Tuesday, August 28, 2012
Ink-Slinger Profiles: Klaus Nordling
The Nordlings were recorded at the same address in the 1920 U.S. Federal Census. Nordling’s father had been in the U.S. since 1903. Their address remained the same in the 1925 New York State Census; his father was naturalized in 1923. In 1930, they lived at 4015 7th Avenue in Brooklyn. Nordling’s first name was recorded as “Frank” and his occupation was a clerk in the diplomatic industry.
The Ridgefield Press (Connecticut) reported the death of his wife, Lilja Heta Tellervo “Tel”, on December 5, 2003; excerpts from the obituary:
Mrs. Nordling was born in Cambridge, Mass., on March 30, 1910, the second of four children. Her Finnish-born parents, Risto and Milma Lappala, moved the family to Virginia, Minn., where they established a Unitarian ministry and raised their children among the forests, rivers and lakes of the north woods. True to her Finnish heritage Tellervo was named for a woods-maiden in the Finnish national epic, the “Kalevala,” and had a deep and life-long love of nature and the outdoors.
She was educated as a librarian, and lived briefly in Germany as a student until the imminent outbreak of World War II brought her back to the United States. Besides being fluent in Finnish, she also became proficient in German. She met Klaus Nordling, a cartoonist and comic book artist, while she was working as a translator for a Finnish newspaper in Brooklyn, N.Y. They married in March 1937, and lived in Brooklyn and Minnesota until moving first to Redding [Connecticut], and then in the mid-1940s to Florida Hill Road in Ridgefield [Connecticut], where Mr. Nordling worked at his home studio.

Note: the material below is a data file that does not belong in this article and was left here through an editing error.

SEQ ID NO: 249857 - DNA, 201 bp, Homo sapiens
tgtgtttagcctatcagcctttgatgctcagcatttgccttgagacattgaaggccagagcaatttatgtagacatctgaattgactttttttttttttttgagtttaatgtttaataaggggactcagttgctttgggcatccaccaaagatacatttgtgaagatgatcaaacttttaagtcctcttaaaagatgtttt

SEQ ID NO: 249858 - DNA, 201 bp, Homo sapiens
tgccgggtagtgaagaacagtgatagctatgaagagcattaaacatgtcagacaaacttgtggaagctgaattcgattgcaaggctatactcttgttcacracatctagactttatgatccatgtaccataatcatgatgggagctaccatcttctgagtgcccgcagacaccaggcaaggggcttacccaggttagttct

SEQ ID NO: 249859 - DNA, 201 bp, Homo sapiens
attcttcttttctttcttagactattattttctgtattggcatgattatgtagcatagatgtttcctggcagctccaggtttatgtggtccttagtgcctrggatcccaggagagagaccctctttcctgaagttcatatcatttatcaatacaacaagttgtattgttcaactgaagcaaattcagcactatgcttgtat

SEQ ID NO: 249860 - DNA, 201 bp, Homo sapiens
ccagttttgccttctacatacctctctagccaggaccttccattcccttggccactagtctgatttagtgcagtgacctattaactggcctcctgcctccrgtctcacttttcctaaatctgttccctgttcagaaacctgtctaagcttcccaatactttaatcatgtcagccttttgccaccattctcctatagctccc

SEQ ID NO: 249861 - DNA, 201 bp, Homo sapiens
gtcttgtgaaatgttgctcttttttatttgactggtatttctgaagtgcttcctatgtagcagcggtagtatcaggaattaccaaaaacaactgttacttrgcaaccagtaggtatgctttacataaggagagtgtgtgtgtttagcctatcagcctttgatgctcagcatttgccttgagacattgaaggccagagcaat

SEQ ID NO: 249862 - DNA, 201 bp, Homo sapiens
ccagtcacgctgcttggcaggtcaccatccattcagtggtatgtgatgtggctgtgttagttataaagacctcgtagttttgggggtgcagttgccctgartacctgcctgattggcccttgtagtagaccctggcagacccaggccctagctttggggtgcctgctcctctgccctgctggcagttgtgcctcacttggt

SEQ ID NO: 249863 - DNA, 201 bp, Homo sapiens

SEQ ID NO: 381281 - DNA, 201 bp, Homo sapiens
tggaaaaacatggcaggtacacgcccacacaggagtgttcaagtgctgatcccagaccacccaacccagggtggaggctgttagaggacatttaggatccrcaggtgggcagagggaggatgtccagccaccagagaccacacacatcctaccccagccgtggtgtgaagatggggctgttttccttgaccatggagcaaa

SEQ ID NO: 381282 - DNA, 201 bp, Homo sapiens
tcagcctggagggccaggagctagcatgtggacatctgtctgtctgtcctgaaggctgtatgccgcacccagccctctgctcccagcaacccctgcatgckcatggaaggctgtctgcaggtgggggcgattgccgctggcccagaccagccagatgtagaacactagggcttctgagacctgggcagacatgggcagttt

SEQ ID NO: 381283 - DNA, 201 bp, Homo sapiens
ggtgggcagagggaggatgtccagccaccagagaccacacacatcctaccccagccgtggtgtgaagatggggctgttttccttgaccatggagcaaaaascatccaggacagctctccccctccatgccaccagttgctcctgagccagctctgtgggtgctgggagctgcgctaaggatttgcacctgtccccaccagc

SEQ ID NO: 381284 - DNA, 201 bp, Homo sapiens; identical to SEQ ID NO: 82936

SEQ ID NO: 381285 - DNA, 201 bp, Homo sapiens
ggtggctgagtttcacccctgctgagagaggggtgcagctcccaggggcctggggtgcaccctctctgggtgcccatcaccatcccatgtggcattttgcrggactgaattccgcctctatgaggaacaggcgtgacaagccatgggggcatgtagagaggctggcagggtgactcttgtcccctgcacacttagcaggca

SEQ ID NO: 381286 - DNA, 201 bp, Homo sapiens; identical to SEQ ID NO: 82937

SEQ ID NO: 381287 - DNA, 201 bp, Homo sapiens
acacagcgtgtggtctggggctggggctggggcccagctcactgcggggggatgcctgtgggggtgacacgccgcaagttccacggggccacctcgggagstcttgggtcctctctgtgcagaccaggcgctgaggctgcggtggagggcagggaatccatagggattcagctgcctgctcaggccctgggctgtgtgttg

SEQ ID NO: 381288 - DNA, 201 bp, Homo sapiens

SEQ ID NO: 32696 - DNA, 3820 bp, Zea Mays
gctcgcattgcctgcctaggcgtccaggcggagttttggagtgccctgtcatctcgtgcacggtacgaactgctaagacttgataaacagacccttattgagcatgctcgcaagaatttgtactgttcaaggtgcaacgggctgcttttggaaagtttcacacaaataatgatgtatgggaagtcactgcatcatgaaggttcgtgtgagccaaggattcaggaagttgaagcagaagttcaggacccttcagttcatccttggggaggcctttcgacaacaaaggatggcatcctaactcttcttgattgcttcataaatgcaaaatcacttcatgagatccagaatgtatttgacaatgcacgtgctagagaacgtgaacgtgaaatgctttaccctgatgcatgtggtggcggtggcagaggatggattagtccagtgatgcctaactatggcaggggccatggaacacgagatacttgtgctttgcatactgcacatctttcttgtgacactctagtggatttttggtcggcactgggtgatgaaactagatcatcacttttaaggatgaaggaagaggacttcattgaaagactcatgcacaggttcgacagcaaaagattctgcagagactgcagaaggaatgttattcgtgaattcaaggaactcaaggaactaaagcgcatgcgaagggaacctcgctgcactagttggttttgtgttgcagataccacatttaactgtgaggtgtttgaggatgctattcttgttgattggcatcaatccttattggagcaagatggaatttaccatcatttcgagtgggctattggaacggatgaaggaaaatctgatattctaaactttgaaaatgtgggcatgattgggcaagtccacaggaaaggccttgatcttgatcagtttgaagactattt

“Both dearly loved art, music, literature, their wonderful circle of friends, and living in Ridgefield,” said her daughter, Thea Nordling.
According to Who’s Who in American Comic Books 1928-1999, Nordling began his career as a gag cartoonist and caricaturist for Americana Magazine in the early 1930s, and then produced, under the name Fred Nordley, Baron Munchausen in the mid-1930s. The late 1930s saw his entry into the comic book field. An overview of his comics career is at Wikipedia, and a list of his comic book credits is at the Grand Comics Database.
In the 1940 census, Klaus, his wife, Tellervo, and daughter Thea, lived in Brooklyn at 760 67th Street; the same place as in 1935. He was a cartoonist for publications. During the mid-1950s the newspaper, Bridgeport Telegram (Connecticut), reported his theater work as an actor and director. A photo of Nordling in Tobacco Road was published in The Hour (Norwalk, Connecticut), November 7, 1978. The Ridgefield Press, August 18, 1983, printed a photo of Nordling and his wife with another couple.
Nordling passed away on November 19, 1986, in Ridgefield, Connecticut, according to the Connecticut Death Index. Photos of the Nordling’s early Brooklyn residences are here.
Labels: Ink-Slinger Profiles
Thanks for calling that to my attention. The credits were swapped by mistake. Gilchrist was the credited cartoonist on the strip, and the Walkers were primarily writers. Here is additional info, from a Guy Gilchrist email (edited just a bit for space):
"I only did the Rock Channel for a year. I met [Klaus Nordling] through Gill Fox, who also occasionally inked for me. Klaus began inking backgrounds about 4 months into the run, along with Gill. They did about half the backgrounds each on the dailies for about 4 months or so. Sorry, it was a while ago, and I'm fuzzy on the times. Toward the end of the run, Klaus started inking the whole thing, except for any caricatured folks that were guest starring, as that was much more my personal style. In the last couple months, Klaus ghosted the whole thing, except for the caricatures. But, it wasn't ghosting. I let him sign it with me. Greg, myself and Brad shared equally in the gag writing. Greg occasionally lettered it. Sometimes I did. It depended on the schedule...or how far I was behind, to be more specific. I believe Greg lettered more than I did. Yes....I'm sure he did."
Man, your identification stuff is hard. This is my fourth. Using sound is no help, either.